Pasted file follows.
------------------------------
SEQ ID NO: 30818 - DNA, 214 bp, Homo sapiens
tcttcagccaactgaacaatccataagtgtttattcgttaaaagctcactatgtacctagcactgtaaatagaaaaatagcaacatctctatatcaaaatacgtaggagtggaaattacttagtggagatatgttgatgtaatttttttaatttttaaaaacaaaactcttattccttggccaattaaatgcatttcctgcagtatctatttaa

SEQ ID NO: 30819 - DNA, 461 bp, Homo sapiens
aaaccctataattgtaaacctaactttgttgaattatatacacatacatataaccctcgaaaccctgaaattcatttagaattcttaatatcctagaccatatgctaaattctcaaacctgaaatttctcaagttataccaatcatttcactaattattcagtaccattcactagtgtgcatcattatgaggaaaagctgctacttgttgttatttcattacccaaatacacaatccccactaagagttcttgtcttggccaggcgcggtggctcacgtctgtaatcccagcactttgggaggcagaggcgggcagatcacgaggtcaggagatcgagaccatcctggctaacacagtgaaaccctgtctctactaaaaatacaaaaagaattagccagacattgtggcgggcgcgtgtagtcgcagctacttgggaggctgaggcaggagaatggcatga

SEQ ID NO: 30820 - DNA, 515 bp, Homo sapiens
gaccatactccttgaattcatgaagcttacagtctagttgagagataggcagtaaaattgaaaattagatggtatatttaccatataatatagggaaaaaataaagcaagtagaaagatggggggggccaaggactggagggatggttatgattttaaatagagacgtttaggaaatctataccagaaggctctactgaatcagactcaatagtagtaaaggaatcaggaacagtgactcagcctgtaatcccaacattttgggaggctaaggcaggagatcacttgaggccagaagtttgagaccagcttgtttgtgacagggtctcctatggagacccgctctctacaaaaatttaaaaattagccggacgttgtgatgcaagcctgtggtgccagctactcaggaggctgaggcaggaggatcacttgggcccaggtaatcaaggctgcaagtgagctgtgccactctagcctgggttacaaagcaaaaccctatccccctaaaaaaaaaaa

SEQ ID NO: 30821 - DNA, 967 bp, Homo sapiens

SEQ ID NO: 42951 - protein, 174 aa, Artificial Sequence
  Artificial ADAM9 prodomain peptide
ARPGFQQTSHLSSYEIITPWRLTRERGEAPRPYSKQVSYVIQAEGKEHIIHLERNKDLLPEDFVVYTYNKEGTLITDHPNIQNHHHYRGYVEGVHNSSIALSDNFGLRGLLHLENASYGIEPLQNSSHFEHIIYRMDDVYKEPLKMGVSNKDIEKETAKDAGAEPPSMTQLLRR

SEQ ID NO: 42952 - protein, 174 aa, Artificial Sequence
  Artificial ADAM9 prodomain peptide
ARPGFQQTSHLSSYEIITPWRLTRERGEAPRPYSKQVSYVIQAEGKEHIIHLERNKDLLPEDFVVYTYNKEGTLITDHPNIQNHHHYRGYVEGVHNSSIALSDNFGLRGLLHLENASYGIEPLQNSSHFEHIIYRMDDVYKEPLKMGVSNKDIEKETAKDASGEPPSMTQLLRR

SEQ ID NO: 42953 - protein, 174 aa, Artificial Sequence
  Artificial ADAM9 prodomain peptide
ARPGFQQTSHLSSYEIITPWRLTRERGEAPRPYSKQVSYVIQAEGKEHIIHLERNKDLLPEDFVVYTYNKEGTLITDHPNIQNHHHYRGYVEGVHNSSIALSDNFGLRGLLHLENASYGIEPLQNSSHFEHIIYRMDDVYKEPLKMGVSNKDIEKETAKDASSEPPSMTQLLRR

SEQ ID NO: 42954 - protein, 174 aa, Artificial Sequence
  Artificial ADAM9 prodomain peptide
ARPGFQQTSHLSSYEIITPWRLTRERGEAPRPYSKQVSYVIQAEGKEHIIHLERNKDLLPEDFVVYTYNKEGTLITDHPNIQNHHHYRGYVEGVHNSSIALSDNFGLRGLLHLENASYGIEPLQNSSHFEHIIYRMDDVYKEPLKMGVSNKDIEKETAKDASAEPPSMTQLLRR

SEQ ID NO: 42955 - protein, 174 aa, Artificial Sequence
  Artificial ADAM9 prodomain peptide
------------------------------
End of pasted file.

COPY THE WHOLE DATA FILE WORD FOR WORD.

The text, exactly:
SEQ ID NO: 30818 - DNA, 214 bp, Homo sapiens
tcttcagccaactgaacaatccataagtgtttattcgttaaaagctcactatgtacctagcactgtaaatagaaaaatagcaacatctctatatcaaaatacgtaggagtggaaattacttagtggagatatgttgatgtaatttttttaatttttaaaaacaaaactcttattccttggccaattaaatgcatttcctgcagtatctatttaa

SEQ ID NO: 30819 - DNA, 461 bp, Homo sapiens
aaaccctataattgtaaacctaactttgttgaattatatacacatacatataaccctcgaaaccctgaaattcatttagaattcttaatatcctagaccatatgctaaattctcaaacctgaaatttctcaagttataccaatcatttcactaattattcagtaccattcactagtgtgcatcattatgaggaaaagctgctacttgttgttatttcattacccaaatacacaatccccactaagagttcttgtcttggccaggcgcggtggctcacgtctgtaatcccagcactttgggaggcagaggcgggcagatcacgaggtcaggagatcgagaccatcctggctaacacagtgaaaccctgtctctactaaaaatacaaaaagaattagccagacattgtggcgggcgcgtgtagtcgcagctacttgggaggctgaggcaggagaatggcatga

SEQ ID NO: 30820 - DNA, 515 bp, Homo sapiens
gaccatactccttgaattcatgaagcttacagtctagttgagagataggcagtaaaattgaaaattagatggtatatttaccatataatatagggaaaaaataaagcaagtagaaagatggggggggccaaggactggagggatggttatgattttaaatagagacgtttaggaaatctataccagaaggctctactgaatcagactcaatagtagtaaaggaatcaggaacagtgactcagcctgtaatcccaacattttgggaggctaaggcaggagatcacttgaggccagaagtttgagaccagcttgtttgtgacagggtctcctatggagacccgctctctacaaaaatttaaaaattagccggacgttgtgatgcaagcctgtggtgccagctactcaggaggctgaggcaggaggatcacttgggcccaggtaatcaaggctgcaagtgagctgtgccactctagcctgggttacaaagcaaaaccctatccccctaaaaaaaaaaa

SEQ ID NO: 30821 - DNA, 967 bp, Homo sapiens

SEQ ID NO: 42951 - protein, 174 aa, Artificial Sequence
  Artificial ADAM9 prodomain peptide
ARPGFQQTSHLSSYEIITPWRLTRERGEAPRPYSKQVSYVIQAEGKEHIIHLERNKDLLPEDFVVYTYNKEGTLITDHPNIQNHHHYRGYVEGVHNSSIALSDNFGLRGLLHLENASYGIEPLQNSSHFEHIIYRMDDVYKEPLKMGVSNKDIEKETAKDAGAEPPSMTQLLRR

SEQ ID NO: 42952 - protein, 174 aa, Artificial Sequence
  Artificial ADAM9 prodomain peptide
ARPGFQQTSHLSSYEIITPWRLTRERGEAPRPYSKQVSYVIQAEGKEHIIHLERNKDLLPEDFVVYTYNKEGTLITDHPNIQNHHHYRGYVEGVHNSSIALSDNFGLRGLLHLENASYGIEPLQNSSHFEHIIYRMDDVYKEPLKMGVSNKDIEKETAKDASGEPPSMTQLLRR

SEQ ID NO: 42953 - protein, 174 aa, Artificial Sequence
  Artificial ADAM9 prodomain peptide
ARPGFQQTSHLSSYEIITPWRLTRERGEAPRPYSKQVSYVIQAEGKEHIIHLERNKDLLPEDFVVYTYNKEGTLITDHPNIQNHHHYRGYVEGVHNSSIALSDNFGLRGLLHLENASYGIEPLQNSSHFEHIIYRMDDVYKEPLKMGVSNKDIEKETAKDASSEPPSMTQLLRR

SEQ ID NO: 42954 - protein, 174 aa, Artificial Sequence
  Artificial ADAM9 prodomain peptide
ARPGFQQTSHLSSYEIITPWRLTRERGEAPRPYSKQVSYVIQAEGKEHIIHLERNKDLLPEDFVVYTYNKEGTLITDHPNIQNHHHYRGYVEGVHNSSIALSDNFGLRGLLHLENASYGIEPLQNSSHFEHIIYRMDDVYKEPLKMGVSNKDIEKETAKDASAEPPSMTQLLRR

SEQ ID NO: 42955 - protein, 174 aa, Artificial Sequence
  Artificial ADAM9 prodomain peptide